fire the way they do in Antál Doratiís hands. On the plus
side, Kuchar - and the orchestra - do start to wake up for the
Tarantella and happily finish on a high note. The recording here
is much better, although the sound doesnít really open out as
youíd expect in the climaxes. Itís not "congested",
though, just a bit "limited".
Romeo and Juliet is one of those pieces
that almost plays itself, which is a compliment to the craft of
the composer. However, the watchword is "almost"! For
instance, I heard a performance in Huddersfield Town Hall a short
while back (September 2003) in which the conductor tightened up
the bolts of the introduction. By injecting that bit of edge,
accentuating the real relationship of the themes to the "fighting"
main allegro passages, he took the music out of the cloisters
of "Friar Lawrence", where it doesnít belong, and into
the streets of Verona, where it does. All was quiet, but you could
feel that there was trouble brewing. I sat up in anticipation
- and was sorely disappointed! They forgot to deliver the "trouble"
This recording brought equal disappointment,
though for different reasons. Kuchar hovers in the doorway between
the cloisters and the street. He moulds the music beautifully,
and the playing is sensitive to his demands. The first big crescendo
is a cracker, with the strings bringing out some fizzing tremolandi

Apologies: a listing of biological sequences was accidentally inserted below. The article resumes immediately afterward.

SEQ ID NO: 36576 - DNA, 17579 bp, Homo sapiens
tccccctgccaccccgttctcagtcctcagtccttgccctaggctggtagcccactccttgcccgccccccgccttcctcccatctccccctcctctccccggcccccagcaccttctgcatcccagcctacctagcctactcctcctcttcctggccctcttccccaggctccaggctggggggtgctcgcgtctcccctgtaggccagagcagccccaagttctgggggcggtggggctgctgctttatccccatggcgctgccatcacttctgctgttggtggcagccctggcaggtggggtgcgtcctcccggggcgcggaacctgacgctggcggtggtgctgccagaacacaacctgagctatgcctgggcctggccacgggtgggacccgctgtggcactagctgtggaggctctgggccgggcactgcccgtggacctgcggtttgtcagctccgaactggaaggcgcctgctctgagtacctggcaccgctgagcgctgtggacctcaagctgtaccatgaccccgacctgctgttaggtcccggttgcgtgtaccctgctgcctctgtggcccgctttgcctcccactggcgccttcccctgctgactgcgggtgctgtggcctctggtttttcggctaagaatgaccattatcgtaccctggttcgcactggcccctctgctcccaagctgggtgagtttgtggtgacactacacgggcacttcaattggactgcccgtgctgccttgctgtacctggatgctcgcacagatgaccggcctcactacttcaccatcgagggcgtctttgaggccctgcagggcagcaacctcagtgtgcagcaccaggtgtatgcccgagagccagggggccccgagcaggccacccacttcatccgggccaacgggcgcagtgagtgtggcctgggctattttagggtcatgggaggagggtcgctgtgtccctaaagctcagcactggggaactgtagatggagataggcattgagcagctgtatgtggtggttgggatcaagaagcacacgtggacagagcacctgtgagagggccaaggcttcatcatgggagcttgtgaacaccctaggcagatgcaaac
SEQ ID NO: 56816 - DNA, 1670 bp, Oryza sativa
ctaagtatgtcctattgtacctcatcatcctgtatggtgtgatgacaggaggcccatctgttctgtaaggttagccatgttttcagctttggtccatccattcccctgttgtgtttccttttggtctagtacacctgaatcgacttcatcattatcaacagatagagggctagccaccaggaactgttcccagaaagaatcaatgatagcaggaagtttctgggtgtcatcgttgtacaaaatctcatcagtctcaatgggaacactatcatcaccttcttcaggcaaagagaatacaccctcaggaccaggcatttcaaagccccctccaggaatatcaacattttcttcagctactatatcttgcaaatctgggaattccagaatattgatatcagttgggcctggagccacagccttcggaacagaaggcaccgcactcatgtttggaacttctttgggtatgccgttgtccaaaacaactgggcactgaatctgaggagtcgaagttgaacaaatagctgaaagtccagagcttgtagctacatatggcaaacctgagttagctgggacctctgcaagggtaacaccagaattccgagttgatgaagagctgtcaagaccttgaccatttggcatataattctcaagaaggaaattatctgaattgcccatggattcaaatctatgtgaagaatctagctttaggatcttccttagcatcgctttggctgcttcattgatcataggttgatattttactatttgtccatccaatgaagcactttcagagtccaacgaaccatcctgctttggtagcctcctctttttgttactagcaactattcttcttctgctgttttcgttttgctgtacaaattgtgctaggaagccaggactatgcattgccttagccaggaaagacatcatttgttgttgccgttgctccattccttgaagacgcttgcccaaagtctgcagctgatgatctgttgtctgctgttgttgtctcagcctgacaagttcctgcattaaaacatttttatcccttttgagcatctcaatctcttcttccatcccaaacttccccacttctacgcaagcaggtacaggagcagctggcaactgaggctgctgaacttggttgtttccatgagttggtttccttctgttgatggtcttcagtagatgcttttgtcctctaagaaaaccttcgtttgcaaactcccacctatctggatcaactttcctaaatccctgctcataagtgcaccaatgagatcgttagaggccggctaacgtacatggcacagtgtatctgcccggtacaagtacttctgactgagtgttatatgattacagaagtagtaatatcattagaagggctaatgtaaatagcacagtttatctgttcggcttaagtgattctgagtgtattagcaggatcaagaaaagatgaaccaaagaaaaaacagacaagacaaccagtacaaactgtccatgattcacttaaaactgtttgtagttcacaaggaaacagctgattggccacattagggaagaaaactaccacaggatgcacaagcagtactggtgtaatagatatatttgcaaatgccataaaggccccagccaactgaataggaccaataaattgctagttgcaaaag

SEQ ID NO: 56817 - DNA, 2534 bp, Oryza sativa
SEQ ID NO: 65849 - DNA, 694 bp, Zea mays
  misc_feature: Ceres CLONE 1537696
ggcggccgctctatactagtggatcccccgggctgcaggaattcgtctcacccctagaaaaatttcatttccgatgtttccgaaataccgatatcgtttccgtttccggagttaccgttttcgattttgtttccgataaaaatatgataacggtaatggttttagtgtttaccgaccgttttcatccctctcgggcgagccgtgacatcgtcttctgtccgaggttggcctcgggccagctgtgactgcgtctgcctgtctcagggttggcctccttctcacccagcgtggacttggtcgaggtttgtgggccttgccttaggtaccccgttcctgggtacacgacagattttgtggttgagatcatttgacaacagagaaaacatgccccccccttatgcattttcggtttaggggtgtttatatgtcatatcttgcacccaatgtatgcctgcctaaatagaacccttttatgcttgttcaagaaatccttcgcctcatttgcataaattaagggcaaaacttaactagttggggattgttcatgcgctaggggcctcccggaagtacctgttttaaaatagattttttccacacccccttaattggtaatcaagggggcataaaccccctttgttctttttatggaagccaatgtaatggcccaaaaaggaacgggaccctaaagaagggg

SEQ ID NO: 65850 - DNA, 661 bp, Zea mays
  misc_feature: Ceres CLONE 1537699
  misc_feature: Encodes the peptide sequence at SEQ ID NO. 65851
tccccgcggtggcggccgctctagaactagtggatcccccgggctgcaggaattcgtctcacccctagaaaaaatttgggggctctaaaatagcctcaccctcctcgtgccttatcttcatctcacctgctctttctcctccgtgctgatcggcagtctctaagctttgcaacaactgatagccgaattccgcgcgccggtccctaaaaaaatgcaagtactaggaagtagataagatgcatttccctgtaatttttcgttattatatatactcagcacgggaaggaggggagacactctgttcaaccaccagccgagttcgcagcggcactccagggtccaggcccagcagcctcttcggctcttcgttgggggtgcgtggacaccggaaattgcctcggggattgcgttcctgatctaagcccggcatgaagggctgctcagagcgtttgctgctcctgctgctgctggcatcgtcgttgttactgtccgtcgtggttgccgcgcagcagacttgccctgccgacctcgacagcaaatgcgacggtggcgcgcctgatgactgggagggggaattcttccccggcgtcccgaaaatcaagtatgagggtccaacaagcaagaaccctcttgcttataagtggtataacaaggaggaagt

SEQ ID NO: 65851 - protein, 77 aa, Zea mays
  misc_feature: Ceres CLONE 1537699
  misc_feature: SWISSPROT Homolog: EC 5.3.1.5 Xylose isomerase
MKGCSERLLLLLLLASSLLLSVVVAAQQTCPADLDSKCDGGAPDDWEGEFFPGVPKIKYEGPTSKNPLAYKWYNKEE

that fair set my teeth on edge and the horns cutting through magnificently.
Again, I sat up in anticipation - and again was sorely disappointed.
The love music is fine, the initial entry especially sweet, but
as soon as the big climaxes loom something goes badly wrong. Itís
not the playing, or at least I donít think so. The bass drummer
sounds as if heís using the fag end of a snare-drum stick: it
lacks dead weight, sounding more like an extra kettledrum. However,
thatís not the real problem, which is that the sound is all over
the place. I have the impression that every time things got aggressively
loud the recording engineer panicked. With the sonic "image"
wavering and wobbling like (I imagine) a gargantuan jelly on a
plate, itís impossible to focus on the playing. If I were you,
for cracking performances in top-notch modern sound Iíd stick
with Siân Edwards (EMI) or Claudio Abbado (DG). The latter
in particular, at least on my original LP, at the one extreme
produces some meltingly tender moments in the "rocking"
theme, and at the other has bass drum and cymbals thatíll bring
tears to your eyes.
By turns gloomy, pompous, nervous, jolly, boisterous
and aggressive - though not necessarily in that order! - this